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Is Rishi Sunak just Osborne in disguise?

·1-min read
<span>Photograph: Jessica Taylor/UK Parliament/AFP/Getty Images</span>
Photograph: Jessica Taylor/UK Parliament/AFP/Getty Images

Reviewing Exit Management by Naomi Booth, Nina Allan writes: “In a genre … traditionally … dominated by men, it is particularly gratifying to read a London novel written by a woman” (Review, 23 October). Has she never heard of Maureen Duffy’s London novels, or, in this century, Zadie Smith and the late Andrea Levy?
John Wilson

• I was delighted to read that “guising” is still practised in Scotland (Be ready for digital Christmas, says Scotland’s public health adviser, 22 October), but it is not entirely synonymous with trick or treat. Guising traditionally involved some effort by the participants, eg singing a song or telling jokes, rather than just turning up – an approach that would doubtless win the approval of many government ministers today.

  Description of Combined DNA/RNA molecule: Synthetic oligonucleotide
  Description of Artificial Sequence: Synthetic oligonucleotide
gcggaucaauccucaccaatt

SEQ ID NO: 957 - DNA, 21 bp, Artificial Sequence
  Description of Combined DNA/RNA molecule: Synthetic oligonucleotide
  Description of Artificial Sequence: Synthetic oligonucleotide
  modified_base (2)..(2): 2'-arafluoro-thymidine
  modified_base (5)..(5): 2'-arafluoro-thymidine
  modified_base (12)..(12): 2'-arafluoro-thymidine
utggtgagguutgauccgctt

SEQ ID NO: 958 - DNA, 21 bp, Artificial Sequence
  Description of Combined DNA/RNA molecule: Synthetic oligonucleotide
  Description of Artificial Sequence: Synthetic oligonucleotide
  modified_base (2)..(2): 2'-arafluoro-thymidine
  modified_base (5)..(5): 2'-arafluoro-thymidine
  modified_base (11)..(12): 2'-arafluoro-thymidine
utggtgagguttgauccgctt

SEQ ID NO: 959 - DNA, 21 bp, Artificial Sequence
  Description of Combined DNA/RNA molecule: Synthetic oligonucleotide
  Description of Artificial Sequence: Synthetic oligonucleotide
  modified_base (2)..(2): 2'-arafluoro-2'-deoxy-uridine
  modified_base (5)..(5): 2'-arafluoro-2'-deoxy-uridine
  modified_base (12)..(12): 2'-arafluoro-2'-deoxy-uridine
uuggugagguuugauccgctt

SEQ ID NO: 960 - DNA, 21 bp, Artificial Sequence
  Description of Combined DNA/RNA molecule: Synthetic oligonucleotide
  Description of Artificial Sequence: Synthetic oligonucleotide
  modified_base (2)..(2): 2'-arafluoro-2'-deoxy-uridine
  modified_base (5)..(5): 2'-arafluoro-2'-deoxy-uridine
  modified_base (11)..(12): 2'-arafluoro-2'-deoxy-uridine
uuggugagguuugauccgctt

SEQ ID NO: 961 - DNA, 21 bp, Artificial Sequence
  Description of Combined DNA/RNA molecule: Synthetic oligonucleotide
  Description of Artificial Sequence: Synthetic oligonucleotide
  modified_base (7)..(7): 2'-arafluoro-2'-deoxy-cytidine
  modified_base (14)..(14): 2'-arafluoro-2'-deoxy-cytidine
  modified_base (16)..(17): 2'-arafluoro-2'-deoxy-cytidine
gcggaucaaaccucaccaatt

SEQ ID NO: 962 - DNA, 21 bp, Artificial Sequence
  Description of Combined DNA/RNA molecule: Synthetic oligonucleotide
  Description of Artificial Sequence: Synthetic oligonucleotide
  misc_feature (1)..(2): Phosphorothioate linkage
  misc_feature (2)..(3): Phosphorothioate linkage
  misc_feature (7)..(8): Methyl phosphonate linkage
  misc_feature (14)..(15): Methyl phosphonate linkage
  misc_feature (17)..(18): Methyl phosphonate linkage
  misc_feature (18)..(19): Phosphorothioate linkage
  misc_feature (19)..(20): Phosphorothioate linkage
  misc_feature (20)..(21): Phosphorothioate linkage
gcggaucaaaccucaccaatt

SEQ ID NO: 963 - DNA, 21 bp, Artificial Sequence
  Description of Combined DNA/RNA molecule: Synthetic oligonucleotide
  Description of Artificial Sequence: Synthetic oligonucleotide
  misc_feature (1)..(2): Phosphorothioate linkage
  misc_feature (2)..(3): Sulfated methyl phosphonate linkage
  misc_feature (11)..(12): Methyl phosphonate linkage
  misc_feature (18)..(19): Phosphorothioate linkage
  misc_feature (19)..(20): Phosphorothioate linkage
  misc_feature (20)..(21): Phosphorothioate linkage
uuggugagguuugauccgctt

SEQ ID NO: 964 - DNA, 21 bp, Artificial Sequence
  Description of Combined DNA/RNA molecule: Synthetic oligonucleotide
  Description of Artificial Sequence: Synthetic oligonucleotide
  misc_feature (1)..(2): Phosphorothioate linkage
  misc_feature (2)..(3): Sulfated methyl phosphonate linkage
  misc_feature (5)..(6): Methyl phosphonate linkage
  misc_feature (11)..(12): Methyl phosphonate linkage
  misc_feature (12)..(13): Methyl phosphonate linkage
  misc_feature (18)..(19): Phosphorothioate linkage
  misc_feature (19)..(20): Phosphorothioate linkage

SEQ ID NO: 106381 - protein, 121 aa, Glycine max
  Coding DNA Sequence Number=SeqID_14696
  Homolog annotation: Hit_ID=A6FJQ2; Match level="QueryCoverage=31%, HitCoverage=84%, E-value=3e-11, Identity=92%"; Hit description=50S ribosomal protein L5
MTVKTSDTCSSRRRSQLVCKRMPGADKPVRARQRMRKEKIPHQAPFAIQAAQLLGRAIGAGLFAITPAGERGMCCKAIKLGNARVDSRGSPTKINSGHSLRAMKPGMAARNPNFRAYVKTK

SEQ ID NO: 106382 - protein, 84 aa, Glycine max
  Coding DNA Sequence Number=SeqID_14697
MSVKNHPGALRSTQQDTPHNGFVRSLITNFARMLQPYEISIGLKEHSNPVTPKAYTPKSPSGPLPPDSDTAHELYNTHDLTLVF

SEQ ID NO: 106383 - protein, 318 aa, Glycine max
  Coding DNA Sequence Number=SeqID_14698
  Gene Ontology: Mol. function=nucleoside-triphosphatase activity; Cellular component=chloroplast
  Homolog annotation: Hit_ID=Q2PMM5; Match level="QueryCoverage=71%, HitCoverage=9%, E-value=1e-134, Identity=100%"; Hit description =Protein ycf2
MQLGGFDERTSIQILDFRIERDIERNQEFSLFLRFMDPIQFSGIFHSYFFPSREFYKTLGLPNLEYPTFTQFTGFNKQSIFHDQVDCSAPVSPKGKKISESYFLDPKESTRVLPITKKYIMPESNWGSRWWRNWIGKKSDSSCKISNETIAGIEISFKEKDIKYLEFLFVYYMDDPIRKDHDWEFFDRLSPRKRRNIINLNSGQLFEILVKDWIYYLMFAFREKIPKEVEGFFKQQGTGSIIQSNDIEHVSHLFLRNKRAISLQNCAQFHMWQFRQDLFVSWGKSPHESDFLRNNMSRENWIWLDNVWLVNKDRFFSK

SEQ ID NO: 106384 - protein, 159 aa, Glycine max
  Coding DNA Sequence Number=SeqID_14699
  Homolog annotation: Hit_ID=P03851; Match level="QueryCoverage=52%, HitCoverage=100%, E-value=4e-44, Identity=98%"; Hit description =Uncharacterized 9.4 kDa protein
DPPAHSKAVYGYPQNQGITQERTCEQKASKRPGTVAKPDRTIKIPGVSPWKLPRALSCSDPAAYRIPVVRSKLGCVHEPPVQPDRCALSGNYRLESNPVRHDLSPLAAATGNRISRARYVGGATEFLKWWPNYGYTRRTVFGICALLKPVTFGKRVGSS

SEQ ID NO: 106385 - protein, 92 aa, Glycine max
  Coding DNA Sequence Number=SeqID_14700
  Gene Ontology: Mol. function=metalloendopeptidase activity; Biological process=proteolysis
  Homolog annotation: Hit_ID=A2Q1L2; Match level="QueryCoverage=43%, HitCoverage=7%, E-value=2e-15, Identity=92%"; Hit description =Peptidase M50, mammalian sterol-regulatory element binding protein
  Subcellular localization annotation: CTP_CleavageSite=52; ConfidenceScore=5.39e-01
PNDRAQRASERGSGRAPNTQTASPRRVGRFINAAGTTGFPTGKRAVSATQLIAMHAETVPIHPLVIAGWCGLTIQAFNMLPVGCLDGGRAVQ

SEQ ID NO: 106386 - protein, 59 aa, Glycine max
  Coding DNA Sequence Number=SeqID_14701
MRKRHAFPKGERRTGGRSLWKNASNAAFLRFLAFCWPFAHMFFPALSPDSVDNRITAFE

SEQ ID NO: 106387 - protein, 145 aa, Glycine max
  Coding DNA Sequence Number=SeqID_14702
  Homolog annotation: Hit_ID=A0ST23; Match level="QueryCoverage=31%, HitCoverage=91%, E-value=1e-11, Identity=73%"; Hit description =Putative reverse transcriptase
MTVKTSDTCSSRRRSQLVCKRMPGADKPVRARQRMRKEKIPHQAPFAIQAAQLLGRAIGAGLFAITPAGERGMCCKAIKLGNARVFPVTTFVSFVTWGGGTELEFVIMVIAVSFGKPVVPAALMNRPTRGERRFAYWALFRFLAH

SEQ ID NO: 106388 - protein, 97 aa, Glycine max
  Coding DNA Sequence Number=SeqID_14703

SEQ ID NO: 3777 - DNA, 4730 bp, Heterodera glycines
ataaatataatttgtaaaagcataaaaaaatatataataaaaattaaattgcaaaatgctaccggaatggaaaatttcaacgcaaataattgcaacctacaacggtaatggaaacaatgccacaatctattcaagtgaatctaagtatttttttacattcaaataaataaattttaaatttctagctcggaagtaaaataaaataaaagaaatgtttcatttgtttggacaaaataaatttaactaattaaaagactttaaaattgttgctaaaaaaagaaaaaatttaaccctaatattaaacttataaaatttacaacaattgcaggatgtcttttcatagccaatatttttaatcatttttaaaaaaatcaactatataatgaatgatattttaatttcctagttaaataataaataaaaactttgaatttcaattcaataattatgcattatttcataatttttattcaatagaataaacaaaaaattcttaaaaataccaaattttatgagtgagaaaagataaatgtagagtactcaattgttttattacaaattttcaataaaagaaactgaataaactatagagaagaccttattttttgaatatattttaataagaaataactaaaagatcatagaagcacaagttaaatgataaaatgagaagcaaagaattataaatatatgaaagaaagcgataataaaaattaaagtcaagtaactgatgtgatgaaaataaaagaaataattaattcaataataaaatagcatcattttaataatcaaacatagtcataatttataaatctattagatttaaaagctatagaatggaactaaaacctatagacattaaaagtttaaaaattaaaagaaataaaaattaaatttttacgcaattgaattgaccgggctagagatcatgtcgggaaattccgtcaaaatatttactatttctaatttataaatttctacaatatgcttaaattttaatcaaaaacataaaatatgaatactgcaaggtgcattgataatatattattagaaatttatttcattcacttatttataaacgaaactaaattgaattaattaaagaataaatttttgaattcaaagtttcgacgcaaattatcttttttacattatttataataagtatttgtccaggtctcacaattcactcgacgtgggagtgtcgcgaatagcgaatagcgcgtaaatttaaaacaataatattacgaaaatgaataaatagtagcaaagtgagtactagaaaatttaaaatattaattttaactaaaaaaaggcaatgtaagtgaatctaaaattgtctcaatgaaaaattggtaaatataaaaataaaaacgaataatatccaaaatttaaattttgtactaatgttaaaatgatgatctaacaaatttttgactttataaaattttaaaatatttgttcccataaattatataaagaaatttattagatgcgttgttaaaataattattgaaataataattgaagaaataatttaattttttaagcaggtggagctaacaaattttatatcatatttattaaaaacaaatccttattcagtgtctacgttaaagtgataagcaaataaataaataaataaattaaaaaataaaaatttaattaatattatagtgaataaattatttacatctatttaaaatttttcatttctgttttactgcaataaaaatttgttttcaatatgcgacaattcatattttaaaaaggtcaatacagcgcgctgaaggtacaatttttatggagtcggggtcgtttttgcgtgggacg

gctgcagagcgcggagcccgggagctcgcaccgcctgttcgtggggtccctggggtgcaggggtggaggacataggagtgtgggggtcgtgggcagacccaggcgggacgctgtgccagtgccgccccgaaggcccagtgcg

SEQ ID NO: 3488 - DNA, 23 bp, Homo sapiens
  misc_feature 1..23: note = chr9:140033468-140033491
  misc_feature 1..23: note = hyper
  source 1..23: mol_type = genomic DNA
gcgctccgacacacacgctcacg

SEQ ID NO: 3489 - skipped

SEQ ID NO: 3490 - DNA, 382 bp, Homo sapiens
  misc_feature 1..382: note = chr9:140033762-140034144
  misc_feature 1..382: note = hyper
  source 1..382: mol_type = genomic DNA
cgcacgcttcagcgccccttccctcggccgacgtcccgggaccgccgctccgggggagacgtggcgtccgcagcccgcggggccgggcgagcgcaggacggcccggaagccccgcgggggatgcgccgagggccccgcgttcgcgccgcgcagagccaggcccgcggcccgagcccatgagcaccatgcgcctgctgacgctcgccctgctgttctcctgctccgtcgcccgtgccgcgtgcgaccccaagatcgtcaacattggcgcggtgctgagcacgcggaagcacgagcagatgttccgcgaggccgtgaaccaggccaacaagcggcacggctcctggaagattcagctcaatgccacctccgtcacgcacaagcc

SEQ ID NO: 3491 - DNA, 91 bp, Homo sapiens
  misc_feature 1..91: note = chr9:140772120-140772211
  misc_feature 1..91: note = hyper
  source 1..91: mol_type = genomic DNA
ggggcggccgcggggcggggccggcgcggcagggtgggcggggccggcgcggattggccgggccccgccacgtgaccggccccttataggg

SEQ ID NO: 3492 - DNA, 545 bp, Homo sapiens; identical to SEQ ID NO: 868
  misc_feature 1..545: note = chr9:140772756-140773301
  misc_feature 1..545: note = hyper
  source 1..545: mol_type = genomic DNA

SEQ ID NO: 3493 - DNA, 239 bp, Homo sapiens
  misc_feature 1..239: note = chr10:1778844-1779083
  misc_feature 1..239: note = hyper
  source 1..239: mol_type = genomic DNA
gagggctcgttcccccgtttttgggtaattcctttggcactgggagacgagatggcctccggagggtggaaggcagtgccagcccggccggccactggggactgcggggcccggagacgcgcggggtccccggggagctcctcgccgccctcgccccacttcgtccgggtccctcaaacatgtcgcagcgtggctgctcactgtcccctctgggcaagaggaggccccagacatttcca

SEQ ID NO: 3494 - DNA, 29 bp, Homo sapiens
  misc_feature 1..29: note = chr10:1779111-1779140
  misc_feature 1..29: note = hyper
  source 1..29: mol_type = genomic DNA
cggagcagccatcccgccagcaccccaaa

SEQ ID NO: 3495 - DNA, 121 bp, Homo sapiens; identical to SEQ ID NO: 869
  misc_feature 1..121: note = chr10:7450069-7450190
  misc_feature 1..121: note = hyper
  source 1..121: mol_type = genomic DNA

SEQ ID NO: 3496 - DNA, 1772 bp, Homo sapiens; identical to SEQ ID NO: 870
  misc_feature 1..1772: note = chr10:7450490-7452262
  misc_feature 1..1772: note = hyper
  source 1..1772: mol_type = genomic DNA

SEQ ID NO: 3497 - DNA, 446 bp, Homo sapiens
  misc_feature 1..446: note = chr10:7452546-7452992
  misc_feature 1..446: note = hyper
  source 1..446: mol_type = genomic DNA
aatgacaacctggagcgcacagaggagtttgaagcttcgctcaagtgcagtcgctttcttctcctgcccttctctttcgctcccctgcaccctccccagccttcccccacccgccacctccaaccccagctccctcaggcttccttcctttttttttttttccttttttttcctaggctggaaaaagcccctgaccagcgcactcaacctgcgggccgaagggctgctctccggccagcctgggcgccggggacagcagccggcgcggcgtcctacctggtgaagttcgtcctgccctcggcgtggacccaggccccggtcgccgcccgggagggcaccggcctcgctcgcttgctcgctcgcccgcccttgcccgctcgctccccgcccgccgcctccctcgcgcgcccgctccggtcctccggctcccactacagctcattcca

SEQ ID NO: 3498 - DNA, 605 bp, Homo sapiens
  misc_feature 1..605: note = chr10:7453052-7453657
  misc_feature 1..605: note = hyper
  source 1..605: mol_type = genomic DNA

Elaine Rowland

• It’s a bit rich for Bernard Jenkin, a member of the party that frequently accuses its opponents of political opportunism, to say they have “misunderstood the mood of the country” re free school meals (Report, 25 October). Where is Charles Dickens when we need him?
David Marcer

• Is it just me? If I close my eyes when Rishi Sunak is speaking, I hear the voice of ex-chancellor George Osborne.
Derek Beaumont
Stony Stratford, Buckinghamshire

• Re Durham student experiences (Letters, 21 October), when I was there in the 70s at a formal dinner, I cut off the nose of the cheese. The way they all started harrumphing, you’d have thought I’d said: “Bollocks to the Queen.”
Ian Garner
Keighley, West Yorkshire